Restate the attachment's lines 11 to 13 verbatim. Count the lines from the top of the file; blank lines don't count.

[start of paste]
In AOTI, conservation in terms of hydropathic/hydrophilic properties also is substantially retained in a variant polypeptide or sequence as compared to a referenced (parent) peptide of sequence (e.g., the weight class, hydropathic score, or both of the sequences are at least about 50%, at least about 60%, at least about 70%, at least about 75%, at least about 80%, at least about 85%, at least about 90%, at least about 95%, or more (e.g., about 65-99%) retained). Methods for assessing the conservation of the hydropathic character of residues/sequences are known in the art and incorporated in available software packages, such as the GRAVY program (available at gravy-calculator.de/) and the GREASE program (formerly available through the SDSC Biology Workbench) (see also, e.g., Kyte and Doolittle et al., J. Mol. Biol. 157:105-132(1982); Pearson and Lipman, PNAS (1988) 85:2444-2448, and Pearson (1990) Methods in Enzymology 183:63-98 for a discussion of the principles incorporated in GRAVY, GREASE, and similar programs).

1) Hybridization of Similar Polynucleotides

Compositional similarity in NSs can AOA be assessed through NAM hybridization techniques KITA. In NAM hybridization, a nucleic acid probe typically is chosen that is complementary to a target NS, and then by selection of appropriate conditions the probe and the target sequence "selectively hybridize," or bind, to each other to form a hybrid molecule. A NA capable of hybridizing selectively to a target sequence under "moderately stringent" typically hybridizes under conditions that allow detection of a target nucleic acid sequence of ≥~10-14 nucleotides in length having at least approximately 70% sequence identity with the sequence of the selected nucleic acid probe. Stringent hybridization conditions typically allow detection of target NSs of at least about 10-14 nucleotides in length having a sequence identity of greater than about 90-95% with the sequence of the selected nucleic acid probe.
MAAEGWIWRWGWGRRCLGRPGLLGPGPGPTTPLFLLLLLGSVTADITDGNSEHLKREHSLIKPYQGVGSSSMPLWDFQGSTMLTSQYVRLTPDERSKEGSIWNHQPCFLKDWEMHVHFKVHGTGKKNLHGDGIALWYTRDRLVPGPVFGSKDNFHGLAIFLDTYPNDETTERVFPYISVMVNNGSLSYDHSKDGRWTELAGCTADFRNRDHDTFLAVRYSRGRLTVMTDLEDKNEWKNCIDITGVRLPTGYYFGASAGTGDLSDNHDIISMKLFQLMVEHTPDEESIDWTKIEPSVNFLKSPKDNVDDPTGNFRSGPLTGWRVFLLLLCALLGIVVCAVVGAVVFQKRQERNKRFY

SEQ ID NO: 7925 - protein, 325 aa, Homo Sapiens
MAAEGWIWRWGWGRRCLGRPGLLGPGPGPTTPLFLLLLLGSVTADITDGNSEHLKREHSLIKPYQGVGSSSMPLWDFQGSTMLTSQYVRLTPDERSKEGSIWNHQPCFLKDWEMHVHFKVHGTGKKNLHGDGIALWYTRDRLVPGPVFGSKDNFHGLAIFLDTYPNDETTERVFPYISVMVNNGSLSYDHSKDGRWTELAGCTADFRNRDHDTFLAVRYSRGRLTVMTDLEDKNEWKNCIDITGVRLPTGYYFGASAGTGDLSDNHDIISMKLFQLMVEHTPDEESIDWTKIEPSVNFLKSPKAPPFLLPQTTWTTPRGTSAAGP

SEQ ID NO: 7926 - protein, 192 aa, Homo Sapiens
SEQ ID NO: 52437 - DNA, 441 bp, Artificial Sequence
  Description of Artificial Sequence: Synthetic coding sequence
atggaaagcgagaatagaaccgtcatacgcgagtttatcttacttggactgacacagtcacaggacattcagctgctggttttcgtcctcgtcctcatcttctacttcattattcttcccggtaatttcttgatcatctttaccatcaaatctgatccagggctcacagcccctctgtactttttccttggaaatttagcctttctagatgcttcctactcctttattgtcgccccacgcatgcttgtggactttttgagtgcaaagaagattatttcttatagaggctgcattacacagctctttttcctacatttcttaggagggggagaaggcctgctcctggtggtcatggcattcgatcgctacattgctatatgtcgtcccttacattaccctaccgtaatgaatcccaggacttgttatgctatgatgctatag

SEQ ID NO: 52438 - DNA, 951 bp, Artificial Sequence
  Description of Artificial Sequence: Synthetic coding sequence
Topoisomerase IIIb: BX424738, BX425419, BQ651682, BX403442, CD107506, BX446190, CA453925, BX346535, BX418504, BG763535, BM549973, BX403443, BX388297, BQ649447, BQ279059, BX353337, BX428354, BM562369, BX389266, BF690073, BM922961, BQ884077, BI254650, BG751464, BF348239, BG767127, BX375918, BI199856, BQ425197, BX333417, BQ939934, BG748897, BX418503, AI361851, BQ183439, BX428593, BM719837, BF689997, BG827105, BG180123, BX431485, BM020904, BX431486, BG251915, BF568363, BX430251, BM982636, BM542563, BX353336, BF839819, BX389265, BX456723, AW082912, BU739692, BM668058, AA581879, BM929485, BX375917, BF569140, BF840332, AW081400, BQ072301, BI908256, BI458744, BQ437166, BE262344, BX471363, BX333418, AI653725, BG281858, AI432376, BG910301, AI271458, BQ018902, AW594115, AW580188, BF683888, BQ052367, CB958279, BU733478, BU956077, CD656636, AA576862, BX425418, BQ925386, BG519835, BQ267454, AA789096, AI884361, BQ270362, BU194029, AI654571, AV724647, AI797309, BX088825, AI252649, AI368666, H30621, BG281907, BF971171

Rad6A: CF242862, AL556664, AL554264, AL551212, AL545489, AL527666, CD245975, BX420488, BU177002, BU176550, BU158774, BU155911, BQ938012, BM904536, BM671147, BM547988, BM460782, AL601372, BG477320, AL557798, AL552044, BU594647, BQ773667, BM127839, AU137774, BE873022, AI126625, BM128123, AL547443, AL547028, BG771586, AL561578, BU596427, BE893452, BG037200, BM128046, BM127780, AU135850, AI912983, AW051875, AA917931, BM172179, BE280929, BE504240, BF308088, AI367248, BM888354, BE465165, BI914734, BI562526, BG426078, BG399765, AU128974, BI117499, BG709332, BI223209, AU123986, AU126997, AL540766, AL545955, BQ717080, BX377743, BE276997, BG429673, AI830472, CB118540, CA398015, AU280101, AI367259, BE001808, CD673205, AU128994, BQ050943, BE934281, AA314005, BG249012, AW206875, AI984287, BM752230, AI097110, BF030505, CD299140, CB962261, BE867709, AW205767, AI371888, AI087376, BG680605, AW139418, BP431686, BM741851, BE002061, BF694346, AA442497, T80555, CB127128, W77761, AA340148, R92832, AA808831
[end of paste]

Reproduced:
SEQ ID NO: 52438 - DNA, 951 bp, Artificial Sequence
  Description of Artificial Sequence: Synthetic coding sequence
Topoisomerase IIIb: BX424738, BX425419, BQ651682, BX403442, CD107506, BX446190, CA453925, BX346535, BX418504, BG763535, BM549973, BX403443, BX388297, BQ649447, BQ279059, BX353337, BX428354, BM562369, BX389266, BF690073, BM922961, BQ884077, BI254650, BG751464, BF348239, BG767127, BX375918, BI199856, BQ425197, BX333417, BQ939934, BG748897, BX418503, AI361851, BQ183439, BX428593, BM719837, BF689997, BG827105, BG180123, BX431485, BM020904, BX431486, BG251915, BF568363, BX430251, BM982636, BM542563, BX353336, BF839819, BX389265, BX456723, AW082912, BU739692, BM668058, AA581879, BM929485, BX375917, BF569140, BF840332, AW081400, BQ072301, BI908256, BI458744, BQ437166, BE262344, BX471363, BX333418, AI653725, BG281858, AI432376, BG910301, AI271458, BQ018902, AW594115, AW580188, BF683888, BQ052367, CB958279, BU733478, BU956077, CD656636, AA576862, BX425418, BQ925386, BG519835, BQ267454, AA789096, AI884361, BQ270362, BU194029, AI654571, AV724647, AI797309, BX088825, AI252649, AI368666, H30621, BG281907, BF971171